The first time I saw the ghost was when I got up in the middle of the night to fetch an orange from the kitchen and found him on hands and knees in the hallway at the top of the stairs. We had only been living in the house for a little over a week and at first I wasn’t sure what I was looking at. I thought perhaps my mum had left a bag of laundry in the hall and I considered it quite careless of her. Someone wandering around at night in search of an orange could easily trip and fall down the stairs and break her neck. But then I noticed whatever it was moving and my heart lodged in my throat. Was it a creature of some kind? It was too bulky to be a dog. I then realized I could see the wall behind it, like it was a reflection in a window. And the reason it looked so strange, and so hard to identify, was because it lacked a head.

        My parents thought I had gone kooky when I told them about it in the morning. They both accused me of walking in my sleep. And getting them to agree on anything is no mean feat. But I’m not an especially imaginative person and knew what I had seen. I am pretty resourceful though, and that afternoon I biked down to the public library in town to look up the history of our house. Without hesitation the librarian pointed me in the direction of a set of dusty books in a far corner. The house, it turns out, had been owned by a sea captain who one day, in an apparent fit of despair after his wife had succumbed to one of those glamorous-sounding 19th-century diseases, had plunged from the attic window. However he had neglected to aim properly and had been rather gruesomely decapitated by the iron fence that surrounded the property. The poor ghost, I thought, crawling around on his hands and knees all over the house groping for his head. I really felt sorry for him. I resolved that the next time I saw him I would help him look for it.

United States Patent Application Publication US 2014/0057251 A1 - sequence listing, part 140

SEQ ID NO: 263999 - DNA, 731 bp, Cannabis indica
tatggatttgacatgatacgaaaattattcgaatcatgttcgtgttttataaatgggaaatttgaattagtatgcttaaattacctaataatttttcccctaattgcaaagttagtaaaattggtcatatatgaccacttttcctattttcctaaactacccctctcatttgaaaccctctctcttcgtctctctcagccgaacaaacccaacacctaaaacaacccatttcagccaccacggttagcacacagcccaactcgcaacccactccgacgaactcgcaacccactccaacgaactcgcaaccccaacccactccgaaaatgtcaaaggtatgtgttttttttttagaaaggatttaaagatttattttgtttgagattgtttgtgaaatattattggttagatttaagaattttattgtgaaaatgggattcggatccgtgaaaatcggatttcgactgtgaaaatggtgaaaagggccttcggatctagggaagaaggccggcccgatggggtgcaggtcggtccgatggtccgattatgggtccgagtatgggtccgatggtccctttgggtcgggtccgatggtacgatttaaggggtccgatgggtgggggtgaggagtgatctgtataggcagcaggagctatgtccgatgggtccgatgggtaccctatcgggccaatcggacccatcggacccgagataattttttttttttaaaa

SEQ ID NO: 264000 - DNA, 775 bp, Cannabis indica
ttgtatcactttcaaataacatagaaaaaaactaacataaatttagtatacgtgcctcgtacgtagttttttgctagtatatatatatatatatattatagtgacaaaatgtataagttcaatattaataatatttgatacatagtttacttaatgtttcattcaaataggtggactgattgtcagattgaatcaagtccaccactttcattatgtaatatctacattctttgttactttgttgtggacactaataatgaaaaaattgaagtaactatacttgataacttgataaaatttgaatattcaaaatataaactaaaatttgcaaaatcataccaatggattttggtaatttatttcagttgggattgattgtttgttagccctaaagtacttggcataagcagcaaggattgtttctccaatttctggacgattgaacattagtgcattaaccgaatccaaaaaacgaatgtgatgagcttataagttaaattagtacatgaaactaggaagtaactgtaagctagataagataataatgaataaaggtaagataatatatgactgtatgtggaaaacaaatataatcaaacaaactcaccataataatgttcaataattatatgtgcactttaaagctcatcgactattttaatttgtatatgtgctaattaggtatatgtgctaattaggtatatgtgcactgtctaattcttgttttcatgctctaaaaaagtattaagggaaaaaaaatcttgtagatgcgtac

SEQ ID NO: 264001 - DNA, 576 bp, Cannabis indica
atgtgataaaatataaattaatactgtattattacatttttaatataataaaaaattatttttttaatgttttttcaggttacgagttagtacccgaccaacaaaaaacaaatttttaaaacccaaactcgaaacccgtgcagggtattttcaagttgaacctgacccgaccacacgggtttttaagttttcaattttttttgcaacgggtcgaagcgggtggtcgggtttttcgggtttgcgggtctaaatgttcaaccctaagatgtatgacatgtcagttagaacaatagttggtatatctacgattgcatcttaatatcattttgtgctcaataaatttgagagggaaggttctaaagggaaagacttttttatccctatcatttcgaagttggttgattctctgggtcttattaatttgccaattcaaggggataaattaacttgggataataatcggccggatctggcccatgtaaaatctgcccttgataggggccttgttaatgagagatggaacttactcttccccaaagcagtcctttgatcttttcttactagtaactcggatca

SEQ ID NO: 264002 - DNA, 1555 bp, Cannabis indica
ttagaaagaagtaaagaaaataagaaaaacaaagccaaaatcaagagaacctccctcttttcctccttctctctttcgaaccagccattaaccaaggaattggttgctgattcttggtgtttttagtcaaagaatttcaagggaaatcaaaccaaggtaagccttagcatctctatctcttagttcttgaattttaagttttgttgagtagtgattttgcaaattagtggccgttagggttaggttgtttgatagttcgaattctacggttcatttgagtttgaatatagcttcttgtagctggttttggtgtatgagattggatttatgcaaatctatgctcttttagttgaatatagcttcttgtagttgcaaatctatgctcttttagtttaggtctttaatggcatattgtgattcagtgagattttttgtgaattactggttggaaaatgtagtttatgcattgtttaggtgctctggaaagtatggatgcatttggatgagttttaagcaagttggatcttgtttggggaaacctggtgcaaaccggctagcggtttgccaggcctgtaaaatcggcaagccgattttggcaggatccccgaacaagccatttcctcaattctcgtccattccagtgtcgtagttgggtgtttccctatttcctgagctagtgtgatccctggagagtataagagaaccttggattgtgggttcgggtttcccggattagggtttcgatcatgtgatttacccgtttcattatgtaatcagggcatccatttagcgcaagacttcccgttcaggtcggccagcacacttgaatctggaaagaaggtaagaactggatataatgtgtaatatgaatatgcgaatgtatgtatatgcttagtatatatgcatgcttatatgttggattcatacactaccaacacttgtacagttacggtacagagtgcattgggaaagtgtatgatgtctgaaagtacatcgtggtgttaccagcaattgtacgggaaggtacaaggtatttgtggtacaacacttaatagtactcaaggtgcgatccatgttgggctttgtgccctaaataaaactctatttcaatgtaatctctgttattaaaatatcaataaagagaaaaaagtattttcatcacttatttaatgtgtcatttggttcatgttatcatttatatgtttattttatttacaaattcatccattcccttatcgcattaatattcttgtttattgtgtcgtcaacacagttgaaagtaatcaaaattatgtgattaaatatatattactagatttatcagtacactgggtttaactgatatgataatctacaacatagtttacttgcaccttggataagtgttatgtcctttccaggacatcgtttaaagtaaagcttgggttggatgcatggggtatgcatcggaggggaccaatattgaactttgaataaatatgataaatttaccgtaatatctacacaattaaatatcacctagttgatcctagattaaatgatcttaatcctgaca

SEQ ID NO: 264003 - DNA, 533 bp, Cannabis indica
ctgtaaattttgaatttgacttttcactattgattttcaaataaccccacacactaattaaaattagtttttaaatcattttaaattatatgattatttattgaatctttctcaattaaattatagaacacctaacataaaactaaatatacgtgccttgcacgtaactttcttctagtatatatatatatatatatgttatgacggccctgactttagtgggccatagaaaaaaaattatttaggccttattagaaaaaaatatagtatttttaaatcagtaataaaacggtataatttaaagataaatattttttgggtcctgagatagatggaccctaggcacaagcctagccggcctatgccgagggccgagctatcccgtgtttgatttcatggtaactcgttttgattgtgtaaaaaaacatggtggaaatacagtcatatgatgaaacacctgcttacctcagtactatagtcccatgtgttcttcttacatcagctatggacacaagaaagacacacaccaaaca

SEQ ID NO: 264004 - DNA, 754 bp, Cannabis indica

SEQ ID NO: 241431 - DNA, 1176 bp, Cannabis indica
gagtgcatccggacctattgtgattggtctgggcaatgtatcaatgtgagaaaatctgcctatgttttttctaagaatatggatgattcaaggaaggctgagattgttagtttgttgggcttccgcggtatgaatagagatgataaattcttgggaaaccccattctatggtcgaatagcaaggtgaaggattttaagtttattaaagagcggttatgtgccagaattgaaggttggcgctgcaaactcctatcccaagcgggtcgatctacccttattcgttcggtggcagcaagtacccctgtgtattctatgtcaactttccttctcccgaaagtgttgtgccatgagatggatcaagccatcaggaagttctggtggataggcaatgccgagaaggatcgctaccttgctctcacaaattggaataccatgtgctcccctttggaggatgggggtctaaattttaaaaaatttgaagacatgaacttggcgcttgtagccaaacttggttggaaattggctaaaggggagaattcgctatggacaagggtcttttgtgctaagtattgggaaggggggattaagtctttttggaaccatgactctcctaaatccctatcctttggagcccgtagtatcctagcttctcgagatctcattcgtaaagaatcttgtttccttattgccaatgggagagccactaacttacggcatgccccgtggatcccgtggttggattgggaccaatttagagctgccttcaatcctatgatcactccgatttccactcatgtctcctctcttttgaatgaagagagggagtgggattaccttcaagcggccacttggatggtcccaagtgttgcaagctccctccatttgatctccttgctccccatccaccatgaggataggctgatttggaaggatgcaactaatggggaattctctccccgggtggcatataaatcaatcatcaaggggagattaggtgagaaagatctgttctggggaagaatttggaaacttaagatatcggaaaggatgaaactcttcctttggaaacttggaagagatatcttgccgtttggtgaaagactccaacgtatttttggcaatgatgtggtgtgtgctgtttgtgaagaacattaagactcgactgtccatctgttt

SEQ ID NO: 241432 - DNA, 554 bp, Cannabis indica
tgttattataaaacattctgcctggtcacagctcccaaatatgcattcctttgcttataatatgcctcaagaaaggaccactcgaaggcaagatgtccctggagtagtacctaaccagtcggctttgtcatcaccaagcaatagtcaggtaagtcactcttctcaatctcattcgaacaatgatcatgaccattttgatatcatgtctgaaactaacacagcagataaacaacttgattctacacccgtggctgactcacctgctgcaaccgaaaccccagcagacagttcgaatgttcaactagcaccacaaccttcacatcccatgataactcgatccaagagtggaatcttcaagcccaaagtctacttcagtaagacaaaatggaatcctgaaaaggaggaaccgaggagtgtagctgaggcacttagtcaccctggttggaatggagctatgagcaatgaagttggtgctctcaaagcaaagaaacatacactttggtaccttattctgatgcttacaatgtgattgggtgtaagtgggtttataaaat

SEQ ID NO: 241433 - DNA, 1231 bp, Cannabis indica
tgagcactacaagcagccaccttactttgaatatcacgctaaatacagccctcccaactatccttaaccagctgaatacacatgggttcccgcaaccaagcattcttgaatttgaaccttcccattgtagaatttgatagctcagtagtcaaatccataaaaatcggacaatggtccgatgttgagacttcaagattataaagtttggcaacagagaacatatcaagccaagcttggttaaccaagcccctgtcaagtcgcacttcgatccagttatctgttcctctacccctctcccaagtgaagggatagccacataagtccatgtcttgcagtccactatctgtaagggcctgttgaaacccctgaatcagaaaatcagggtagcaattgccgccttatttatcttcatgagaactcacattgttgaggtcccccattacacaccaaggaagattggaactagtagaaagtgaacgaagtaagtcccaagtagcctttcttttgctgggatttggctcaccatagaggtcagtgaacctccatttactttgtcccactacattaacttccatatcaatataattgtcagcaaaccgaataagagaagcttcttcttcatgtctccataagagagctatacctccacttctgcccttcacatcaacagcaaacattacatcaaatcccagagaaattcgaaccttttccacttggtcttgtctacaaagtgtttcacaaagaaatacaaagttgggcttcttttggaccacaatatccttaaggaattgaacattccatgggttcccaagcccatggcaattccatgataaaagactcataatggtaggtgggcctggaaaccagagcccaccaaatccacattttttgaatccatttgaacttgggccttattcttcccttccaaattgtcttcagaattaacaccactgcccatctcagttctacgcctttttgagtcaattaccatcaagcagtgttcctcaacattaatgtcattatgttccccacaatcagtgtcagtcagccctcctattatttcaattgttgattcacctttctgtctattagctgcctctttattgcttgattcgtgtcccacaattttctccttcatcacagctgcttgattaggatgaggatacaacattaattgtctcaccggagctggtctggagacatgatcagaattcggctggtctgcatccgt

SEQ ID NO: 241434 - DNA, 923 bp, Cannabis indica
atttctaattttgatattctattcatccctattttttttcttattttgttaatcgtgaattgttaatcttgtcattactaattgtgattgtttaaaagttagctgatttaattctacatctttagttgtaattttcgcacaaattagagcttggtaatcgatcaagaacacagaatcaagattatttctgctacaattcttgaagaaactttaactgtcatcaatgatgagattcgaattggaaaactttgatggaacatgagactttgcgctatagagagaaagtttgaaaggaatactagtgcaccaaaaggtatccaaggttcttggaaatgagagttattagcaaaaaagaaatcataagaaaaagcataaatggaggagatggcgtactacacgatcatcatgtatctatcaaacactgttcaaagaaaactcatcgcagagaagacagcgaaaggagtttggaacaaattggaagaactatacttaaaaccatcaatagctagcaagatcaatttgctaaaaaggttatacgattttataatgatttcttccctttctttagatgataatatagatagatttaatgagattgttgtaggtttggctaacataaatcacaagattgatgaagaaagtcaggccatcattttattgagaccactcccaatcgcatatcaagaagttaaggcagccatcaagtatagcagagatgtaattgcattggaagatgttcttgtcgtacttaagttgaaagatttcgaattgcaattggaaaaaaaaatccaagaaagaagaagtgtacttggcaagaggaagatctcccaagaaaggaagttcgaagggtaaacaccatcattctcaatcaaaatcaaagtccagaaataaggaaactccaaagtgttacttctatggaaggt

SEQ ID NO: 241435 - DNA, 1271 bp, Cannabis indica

After leaving the library I rode my bicycle out to the cemetery where he was buried. His was a modest tombstone, steepleshaped, at the top of a peaceful hill. Beside it was a stone fountain, leaves floating in amber water. A wedge of blue sea was visible in the distance beyond a grassy ridge. Not a bad view for a sea captain. Second only to being buried at sea, I supposed.

        I wondered if the ghost would accept a substitute head. There was a puppet store in town and it was possible I could find a wooden puppet head of roughly the right proportions. Finally I decided against this. If I lost my head I wouldn’t want it replaced with a wooden one. I wondered how easily a head could be reattached. There was some glue above my father’s workbench and I thought that might be of use, should the head ever be located. Having your head glued on did not strike me as ideal. Wouldn’t it be difficult to turn your neck? You’d be forced to face forward at all times. But maybe that would be better than nothing. If it were me who was missing my head I guess I wouldn’t be choosy. It must be unbearable to lack a head, to be deprived of nearly all your senses.

        Several nights passed before I saw the ghost again. He was in the kitchen searching through the vegetable drawer of the refrigerator. He appeared to grow momentarily excited when he found something round and vaguely head-shaped, but it turned out only to be a cabbage. He tried to fasten the cabbage onto his neck but it didn’t fit properly and he simply looked ridiculous.